6. George Bailey (Hobart Hurricanes)

Bailey’s name was the shock omission from the recently named T20 squad after his starring role in the Big Bash. Scoring 240 runs in just six appearances with an average of 60 and a strike rate of 150, Bailey’s missing two games may have ultimately cost the Hurricanes a spot in the finals. His amazing 62 against the 6ers came in a game where his side fell apart around him, proving Bailey is more than a flat track bully. His form has carried over to the one dayers for Australia, and I can’t help but feel the selectors should have found a spot for him for the upcoming series against India.

7. Andre Russell (Sydney Thunder)

Lynn lead the run scoring charts and Rashid topped the wicket taking list however Andre Russell may end up being the player of the tournament. With the bat he bludgeoned 175 runs at a strike rate of over 192, including 14 sixes and 10 fours. He also took 14 wickets at an average of 17 and an economy rate of under 8. He also took three catches, including arguably the catch of the tournament. The large majority of his runs came in the late overs and helped the Thunder set some incredible targets, including their score over 200. Throw in an equal second highest wicket tally and Russell has a brilliant argument for player of the tournament honours.

8. Andrew Tye (Perth Scorchers)

Andrew Tye was the Scorchers’ best bowler of the tournament, quite an achievement in a squad also boasting Jason Behrendorff, Joel Paris and Brag Hogg. Tye took 13 wickets across the tournament at an average of under 16. His economy rate of 6.8 puts him in rare territory as under ten bowlers were able to limit the damage to under seven runs per over. The Scorchers were only able to post 1134 runs across the BBL series, the least across each of the eight teams. Tye played a huge part in their finishing in the finals despite their lack of success with the bat.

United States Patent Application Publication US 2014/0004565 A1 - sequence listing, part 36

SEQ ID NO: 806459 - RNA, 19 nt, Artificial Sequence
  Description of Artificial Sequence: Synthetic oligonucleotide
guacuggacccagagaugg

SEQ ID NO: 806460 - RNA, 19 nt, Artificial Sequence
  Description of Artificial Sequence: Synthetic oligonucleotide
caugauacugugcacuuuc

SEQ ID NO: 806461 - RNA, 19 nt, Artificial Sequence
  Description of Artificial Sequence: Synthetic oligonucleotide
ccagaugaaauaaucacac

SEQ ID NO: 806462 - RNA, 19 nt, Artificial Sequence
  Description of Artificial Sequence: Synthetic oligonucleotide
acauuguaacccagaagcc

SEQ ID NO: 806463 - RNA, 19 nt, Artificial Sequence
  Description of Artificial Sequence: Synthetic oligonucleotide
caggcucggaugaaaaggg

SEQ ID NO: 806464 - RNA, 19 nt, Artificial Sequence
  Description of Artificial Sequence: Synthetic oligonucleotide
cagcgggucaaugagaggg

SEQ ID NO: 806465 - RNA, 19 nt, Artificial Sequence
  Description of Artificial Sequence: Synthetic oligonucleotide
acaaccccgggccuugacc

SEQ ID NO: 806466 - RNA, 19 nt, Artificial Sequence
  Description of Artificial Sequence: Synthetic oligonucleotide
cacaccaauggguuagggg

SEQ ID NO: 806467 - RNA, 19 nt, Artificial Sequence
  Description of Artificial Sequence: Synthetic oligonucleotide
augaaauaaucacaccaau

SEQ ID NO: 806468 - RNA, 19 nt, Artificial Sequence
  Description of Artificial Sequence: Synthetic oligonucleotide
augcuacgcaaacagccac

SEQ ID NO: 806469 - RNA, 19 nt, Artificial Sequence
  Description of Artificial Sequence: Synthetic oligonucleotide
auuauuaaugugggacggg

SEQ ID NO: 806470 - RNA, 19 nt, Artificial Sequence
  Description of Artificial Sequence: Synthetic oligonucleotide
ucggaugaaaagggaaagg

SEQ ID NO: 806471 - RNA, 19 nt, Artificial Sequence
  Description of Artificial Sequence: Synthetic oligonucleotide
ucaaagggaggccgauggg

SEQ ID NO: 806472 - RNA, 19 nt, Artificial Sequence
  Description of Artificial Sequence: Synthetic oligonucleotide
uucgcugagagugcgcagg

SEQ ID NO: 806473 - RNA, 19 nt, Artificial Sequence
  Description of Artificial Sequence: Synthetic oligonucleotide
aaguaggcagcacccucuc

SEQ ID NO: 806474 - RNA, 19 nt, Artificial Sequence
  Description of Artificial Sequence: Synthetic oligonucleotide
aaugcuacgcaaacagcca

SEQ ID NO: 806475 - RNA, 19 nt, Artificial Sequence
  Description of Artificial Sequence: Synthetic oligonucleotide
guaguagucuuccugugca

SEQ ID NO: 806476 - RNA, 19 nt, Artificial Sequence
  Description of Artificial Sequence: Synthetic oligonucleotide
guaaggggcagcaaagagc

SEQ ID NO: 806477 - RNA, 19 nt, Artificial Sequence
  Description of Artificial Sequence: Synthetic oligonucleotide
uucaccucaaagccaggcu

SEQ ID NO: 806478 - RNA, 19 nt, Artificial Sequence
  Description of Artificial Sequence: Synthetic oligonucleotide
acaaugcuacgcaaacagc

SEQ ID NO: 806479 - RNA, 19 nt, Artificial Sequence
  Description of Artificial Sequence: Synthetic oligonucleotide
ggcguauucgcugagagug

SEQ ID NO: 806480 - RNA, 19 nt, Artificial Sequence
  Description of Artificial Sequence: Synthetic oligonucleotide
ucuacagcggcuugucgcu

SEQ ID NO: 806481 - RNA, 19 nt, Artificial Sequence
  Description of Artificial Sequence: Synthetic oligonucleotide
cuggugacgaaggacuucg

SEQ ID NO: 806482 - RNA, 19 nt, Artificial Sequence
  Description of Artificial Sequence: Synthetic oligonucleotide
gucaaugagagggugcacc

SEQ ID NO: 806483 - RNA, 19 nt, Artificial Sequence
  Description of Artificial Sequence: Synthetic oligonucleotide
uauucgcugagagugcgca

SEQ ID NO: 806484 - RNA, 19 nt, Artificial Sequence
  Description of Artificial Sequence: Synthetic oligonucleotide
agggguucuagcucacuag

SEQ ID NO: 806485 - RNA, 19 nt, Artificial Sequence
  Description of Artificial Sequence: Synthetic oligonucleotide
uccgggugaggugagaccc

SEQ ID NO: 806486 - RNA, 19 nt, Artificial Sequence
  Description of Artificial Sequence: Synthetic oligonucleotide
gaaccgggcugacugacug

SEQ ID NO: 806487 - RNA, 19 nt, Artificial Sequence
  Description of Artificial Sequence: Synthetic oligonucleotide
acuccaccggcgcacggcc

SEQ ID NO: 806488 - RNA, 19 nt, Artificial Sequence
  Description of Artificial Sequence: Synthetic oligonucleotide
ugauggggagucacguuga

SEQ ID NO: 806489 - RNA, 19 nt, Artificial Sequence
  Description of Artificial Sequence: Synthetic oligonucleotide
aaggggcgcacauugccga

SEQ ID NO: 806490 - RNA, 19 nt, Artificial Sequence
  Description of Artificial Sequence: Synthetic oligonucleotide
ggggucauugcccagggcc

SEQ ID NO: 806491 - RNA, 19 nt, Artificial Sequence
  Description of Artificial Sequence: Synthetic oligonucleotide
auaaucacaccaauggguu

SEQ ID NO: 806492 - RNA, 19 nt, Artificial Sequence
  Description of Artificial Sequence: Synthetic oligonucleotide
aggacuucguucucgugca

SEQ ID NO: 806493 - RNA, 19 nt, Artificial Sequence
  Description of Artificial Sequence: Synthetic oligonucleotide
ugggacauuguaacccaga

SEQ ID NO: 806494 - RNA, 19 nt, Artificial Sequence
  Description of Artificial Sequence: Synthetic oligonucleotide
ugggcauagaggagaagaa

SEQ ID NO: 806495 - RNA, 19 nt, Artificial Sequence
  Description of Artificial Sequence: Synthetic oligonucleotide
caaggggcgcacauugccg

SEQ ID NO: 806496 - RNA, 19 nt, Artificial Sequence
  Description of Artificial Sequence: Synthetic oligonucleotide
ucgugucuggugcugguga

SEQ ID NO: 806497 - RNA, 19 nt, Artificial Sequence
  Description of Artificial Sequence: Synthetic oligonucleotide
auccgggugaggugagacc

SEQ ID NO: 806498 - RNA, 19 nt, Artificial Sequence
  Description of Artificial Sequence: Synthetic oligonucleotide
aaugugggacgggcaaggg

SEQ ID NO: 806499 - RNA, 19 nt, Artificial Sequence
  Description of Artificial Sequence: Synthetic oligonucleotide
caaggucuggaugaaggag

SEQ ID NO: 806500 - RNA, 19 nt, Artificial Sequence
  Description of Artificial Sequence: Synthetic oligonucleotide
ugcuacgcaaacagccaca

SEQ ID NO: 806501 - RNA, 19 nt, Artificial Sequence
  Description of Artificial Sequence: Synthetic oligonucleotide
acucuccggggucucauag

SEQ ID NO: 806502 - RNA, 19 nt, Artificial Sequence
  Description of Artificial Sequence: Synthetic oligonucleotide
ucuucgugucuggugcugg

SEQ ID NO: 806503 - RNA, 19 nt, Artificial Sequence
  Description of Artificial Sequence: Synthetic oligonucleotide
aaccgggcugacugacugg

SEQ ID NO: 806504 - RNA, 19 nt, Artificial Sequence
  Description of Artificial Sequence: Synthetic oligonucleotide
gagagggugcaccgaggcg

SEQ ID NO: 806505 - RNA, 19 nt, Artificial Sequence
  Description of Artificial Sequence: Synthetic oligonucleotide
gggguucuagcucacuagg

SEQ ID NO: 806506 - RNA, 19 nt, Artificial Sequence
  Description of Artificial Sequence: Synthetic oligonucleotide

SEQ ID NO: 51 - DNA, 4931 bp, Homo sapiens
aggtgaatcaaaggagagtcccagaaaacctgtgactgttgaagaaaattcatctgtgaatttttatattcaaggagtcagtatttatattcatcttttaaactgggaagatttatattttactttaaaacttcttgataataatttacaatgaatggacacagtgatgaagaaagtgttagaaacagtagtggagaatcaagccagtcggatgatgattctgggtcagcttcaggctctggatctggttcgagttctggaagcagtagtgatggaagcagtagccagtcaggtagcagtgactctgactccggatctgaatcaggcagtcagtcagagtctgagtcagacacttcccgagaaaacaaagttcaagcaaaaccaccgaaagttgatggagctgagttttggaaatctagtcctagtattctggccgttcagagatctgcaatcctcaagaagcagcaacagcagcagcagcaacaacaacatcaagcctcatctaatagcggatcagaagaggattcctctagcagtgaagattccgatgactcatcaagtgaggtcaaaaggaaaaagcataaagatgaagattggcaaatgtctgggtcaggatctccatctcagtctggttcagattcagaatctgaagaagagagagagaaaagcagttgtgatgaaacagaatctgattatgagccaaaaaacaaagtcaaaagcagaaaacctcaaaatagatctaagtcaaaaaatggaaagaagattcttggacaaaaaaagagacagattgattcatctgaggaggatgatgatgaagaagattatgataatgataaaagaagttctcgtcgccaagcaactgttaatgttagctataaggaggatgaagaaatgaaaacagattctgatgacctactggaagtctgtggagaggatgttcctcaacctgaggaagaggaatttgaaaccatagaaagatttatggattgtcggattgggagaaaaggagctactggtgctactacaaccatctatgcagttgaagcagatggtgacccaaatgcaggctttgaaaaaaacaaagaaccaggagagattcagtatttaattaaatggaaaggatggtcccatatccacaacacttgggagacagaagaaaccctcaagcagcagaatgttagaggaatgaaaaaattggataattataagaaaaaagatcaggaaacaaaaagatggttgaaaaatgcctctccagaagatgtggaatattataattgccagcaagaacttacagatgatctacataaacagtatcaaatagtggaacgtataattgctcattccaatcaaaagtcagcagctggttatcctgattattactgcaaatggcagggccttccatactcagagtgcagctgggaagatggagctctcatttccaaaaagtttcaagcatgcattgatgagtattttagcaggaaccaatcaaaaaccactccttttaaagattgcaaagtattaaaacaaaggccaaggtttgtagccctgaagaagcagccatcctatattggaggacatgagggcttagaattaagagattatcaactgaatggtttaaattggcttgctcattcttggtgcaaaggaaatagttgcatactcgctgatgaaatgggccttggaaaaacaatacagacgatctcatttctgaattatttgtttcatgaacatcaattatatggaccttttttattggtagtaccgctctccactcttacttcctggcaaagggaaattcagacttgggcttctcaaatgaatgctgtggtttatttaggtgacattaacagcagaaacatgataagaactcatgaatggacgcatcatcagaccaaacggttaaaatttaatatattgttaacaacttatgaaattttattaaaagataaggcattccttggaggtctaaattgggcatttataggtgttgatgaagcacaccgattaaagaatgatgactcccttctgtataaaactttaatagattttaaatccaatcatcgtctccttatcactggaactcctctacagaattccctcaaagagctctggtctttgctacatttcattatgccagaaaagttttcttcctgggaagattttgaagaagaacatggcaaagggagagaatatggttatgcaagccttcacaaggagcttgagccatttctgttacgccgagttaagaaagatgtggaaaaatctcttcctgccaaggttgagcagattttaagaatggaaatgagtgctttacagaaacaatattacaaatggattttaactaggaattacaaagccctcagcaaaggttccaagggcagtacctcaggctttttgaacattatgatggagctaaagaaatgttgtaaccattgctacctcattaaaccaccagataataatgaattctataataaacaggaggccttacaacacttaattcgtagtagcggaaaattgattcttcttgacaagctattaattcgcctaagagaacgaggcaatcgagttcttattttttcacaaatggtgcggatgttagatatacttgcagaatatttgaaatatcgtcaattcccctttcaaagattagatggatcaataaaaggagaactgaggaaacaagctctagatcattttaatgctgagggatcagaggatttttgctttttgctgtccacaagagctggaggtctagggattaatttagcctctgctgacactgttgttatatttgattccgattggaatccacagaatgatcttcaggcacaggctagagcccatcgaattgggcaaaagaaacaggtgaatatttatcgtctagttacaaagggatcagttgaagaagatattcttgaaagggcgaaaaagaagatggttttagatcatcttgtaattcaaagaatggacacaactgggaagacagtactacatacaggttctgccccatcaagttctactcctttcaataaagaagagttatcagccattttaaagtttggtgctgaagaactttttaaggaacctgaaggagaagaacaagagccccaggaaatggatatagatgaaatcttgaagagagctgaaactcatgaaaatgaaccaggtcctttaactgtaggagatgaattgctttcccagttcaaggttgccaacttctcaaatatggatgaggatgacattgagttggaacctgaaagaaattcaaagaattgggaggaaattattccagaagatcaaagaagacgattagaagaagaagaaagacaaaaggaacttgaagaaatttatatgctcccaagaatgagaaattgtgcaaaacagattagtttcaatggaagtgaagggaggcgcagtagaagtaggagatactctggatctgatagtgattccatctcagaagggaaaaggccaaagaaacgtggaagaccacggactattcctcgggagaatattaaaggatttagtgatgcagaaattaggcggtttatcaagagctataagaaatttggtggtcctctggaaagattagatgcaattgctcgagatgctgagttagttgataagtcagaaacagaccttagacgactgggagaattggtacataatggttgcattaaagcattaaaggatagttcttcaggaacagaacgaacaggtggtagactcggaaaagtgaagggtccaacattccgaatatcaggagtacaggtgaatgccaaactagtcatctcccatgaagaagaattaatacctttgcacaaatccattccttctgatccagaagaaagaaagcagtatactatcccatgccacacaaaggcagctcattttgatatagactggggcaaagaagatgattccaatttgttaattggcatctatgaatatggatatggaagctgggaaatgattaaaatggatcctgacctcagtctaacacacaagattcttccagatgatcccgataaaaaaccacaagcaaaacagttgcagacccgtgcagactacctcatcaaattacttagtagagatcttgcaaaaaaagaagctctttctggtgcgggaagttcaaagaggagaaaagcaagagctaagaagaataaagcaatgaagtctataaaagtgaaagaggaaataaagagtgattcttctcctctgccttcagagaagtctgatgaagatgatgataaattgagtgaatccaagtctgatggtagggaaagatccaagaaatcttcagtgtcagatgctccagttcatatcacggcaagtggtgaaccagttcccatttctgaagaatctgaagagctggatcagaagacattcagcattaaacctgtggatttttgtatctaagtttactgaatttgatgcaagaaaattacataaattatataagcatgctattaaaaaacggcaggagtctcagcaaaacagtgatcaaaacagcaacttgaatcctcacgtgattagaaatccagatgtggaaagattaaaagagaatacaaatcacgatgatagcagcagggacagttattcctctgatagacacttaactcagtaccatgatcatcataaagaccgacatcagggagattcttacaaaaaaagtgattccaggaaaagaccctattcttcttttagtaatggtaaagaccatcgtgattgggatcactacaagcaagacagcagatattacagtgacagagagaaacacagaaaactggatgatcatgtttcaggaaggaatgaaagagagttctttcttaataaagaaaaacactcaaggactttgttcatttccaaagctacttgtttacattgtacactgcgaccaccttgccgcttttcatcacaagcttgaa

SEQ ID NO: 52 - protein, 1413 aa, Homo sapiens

9. Clint McKay (Sydney Thunder)

Clint McKay was one of the signings of the season after taking 14 wickets for his new side. His bowling average of 13.57 and economy rate of 7.35 were made even more impressive seeing as he was used to bowl mainly during the power play and closing overs, typically the highest scoring periods for batsmen. He also chimed in with 25 runs, ten of which came via boundaries. One of the very few bowlers to record a maiden for the tournament. He also took five catches, most in the outfield under towering strikes. He wasn’t amongst the big names entering the series but was one of the best performers across all eight games.

10. Adil Rashid (Adelaide Strikers)

Adil Rashid was one of the lesser name imports across the competition when it started, however following his eight brilliant bowling performances, his star has well and truly shined. He topped the wicket taking tally with 15 at a ridiculous average of 13.20 and an equally impressive economy rate of 6.39. Almost no one across the competition was able to take him to task, with his wrong’un stumping some of the best batsmen in the business. Spinners are often targeted in the shorter versions of the game, however Rashid was able to tie batsman up and force them into silly shots.

11. Jason Behrendorff (Perth Scorchers)

Just edging our Strikers bowler Ben Laughlin is Perth’s Jason Behrendorff. The talented quick missed two games through injury however still managed to bag ten wickets at an average of 16.80. His economy rate of seven was made even more impressive by the fact he, much like McKay, bowled the majority of his overs in the power play and in the dying overs. Some have labelled his campaign as disappointing, however to take as many wickets as he did, and quality wickets at that, despite playing two less games than those around him, is pretty impressive. His return to the side makes Perth a far more dangerous side in the finals.